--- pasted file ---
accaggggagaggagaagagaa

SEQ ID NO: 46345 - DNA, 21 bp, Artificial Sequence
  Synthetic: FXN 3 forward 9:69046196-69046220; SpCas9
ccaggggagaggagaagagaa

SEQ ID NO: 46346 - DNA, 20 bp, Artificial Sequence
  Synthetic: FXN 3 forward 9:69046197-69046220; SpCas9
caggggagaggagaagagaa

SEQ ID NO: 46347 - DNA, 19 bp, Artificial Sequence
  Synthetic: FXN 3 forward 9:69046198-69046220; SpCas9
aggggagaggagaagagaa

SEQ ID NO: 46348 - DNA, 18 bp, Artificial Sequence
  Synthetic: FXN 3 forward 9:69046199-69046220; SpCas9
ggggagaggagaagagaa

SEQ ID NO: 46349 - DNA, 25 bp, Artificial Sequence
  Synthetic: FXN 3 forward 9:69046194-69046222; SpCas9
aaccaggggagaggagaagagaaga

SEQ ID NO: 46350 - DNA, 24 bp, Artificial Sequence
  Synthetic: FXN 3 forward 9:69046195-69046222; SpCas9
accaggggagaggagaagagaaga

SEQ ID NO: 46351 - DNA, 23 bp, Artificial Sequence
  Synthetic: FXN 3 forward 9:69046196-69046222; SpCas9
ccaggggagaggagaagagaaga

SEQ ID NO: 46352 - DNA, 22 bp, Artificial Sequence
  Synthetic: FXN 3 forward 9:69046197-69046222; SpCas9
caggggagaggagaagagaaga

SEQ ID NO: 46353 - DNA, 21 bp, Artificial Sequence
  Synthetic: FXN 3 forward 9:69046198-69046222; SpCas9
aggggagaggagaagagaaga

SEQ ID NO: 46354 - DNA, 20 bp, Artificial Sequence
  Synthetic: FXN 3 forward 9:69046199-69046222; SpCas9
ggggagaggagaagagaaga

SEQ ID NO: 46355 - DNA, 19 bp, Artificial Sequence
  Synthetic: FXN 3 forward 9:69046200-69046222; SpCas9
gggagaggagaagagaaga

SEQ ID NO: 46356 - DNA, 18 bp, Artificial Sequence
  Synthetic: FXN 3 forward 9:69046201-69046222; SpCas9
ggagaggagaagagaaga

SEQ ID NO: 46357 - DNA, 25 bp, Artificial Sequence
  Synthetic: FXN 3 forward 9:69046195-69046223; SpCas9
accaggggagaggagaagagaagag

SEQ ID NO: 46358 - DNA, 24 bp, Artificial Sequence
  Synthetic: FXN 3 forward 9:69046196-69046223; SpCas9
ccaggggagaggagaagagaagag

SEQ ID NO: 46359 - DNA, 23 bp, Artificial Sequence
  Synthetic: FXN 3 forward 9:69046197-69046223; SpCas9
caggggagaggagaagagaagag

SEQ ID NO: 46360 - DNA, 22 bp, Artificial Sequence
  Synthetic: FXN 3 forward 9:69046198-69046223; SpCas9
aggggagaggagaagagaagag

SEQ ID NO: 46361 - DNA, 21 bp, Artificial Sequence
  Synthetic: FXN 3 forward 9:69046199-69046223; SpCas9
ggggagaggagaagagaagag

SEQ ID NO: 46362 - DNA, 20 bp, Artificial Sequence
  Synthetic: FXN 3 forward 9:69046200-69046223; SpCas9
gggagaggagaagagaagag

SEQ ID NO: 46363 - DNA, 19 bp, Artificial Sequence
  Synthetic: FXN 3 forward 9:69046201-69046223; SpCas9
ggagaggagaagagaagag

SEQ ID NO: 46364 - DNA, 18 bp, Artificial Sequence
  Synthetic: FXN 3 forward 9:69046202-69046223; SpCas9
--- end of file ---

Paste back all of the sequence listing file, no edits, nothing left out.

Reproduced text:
accaggggagaggagaagagaa

SEQ ID NO: 46345 - DNA, 21 bp, Artificial Sequence
  Synthetic: FXN 3 forward 9:69046196-69046220; SpCas9
ccaggggagaggagaagagaa

SEQ ID NO: 46346 - DNA, 20 bp, Artificial Sequence
  Synthetic: FXN 3 forward 9:69046197-69046220; SpCas9
caggggagaggagaagagaa

SEQ ID NO: 46347 - DNA, 19 bp, Artificial Sequence
  Synthetic: FXN 3 forward 9:69046198-69046220; SpCas9
aggggagaggagaagagaa

SEQ ID NO: 46348 - DNA, 18 bp, Artificial Sequence
  Synthetic: FXN 3 forward 9:69046199-69046220; SpCas9
ggggagaggagaagagaa

SEQ ID NO: 46349 - DNA, 25 bp, Artificial Sequence
  Synthetic: FXN 3 forward 9:69046194-69046222; SpCas9
aaccaggggagaggagaagagaaga

SEQ ID NO: 46350 - DNA, 24 bp, Artificial Sequence
  Synthetic: FXN 3 forward 9:69046195-69046222; SpCas9
accaggggagaggagaagagaaga

SEQ ID NO: 46351 - DNA, 23 bp, Artificial Sequence
  Synthetic: FXN 3 forward 9:69046196-69046222; SpCas9
ccaggggagaggagaagagaaga

SEQ ID NO: 46352 - DNA, 22 bp, Artificial Sequence
  Synthetic: FXN 3 forward 9:69046197-69046222; SpCas9
caggggagaggagaagagaaga

SEQ ID NO: 46353 - DNA, 21 bp, Artificial Sequence
  Synthetic: FXN 3 forward 9:69046198-69046222; SpCas9
aggggagaggagaagagaaga

SEQ ID NO: 46354 - DNA, 20 bp, Artificial Sequence
  Synthetic: FXN 3 forward 9:69046199-69046222; SpCas9
ggggagaggagaagagaaga

SEQ ID NO: 46355 - DNA, 19 bp, Artificial Sequence
  Synthetic: FXN 3 forward 9:69046200-69046222; SpCas9
gggagaggagaagagaaga

SEQ ID NO: 46356 - DNA, 18 bp, Artificial Sequence
  Synthetic: FXN 3 forward 9:69046201-69046222; SpCas9
ggagaggagaagagaaga

SEQ ID NO: 46357 - DNA, 25 bp, Artificial Sequence
  Synthetic: FXN 3 forward 9:69046195-69046223; SpCas9
accaggggagaggagaagagaagag

SEQ ID NO: 46358 - DNA, 24 bp, Artificial Sequence
  Synthetic: FXN 3 forward 9:69046196-69046223; SpCas9
ccaggggagaggagaagagaagag

SEQ ID NO: 46359 - DNA, 23 bp, Artificial Sequence
  Synthetic: FXN 3 forward 9:69046197-69046223; SpCas9
caggggagaggagaagagaagag

SEQ ID NO: 46360 - DNA, 22 bp, Artificial Sequence
  Synthetic: FXN 3 forward 9:69046198-69046223; SpCas9
aggggagaggagaagagaagag

SEQ ID NO: 46361 - DNA, 21 bp, Artificial Sequence
  Synthetic: FXN 3 forward 9:69046199-69046223; SpCas9
ggggagaggagaagagaagag

SEQ ID NO: 46362 - DNA, 20 bp, Artificial Sequence
  Synthetic: FXN 3 forward 9:69046200-69046223; SpCas9
gggagaggagaagagaagag

SEQ ID NO: 46363 - DNA, 19 bp, Artificial Sequence
  Synthetic: FXN 3 forward 9:69046201-69046223; SpCas9
ggagaggagaagagaagag

SEQ ID NO: 46364 - DNA, 18 bp, Artificial Sequence
  Synthetic: FXN 3 forward 9:69046202-69046223; SpCas9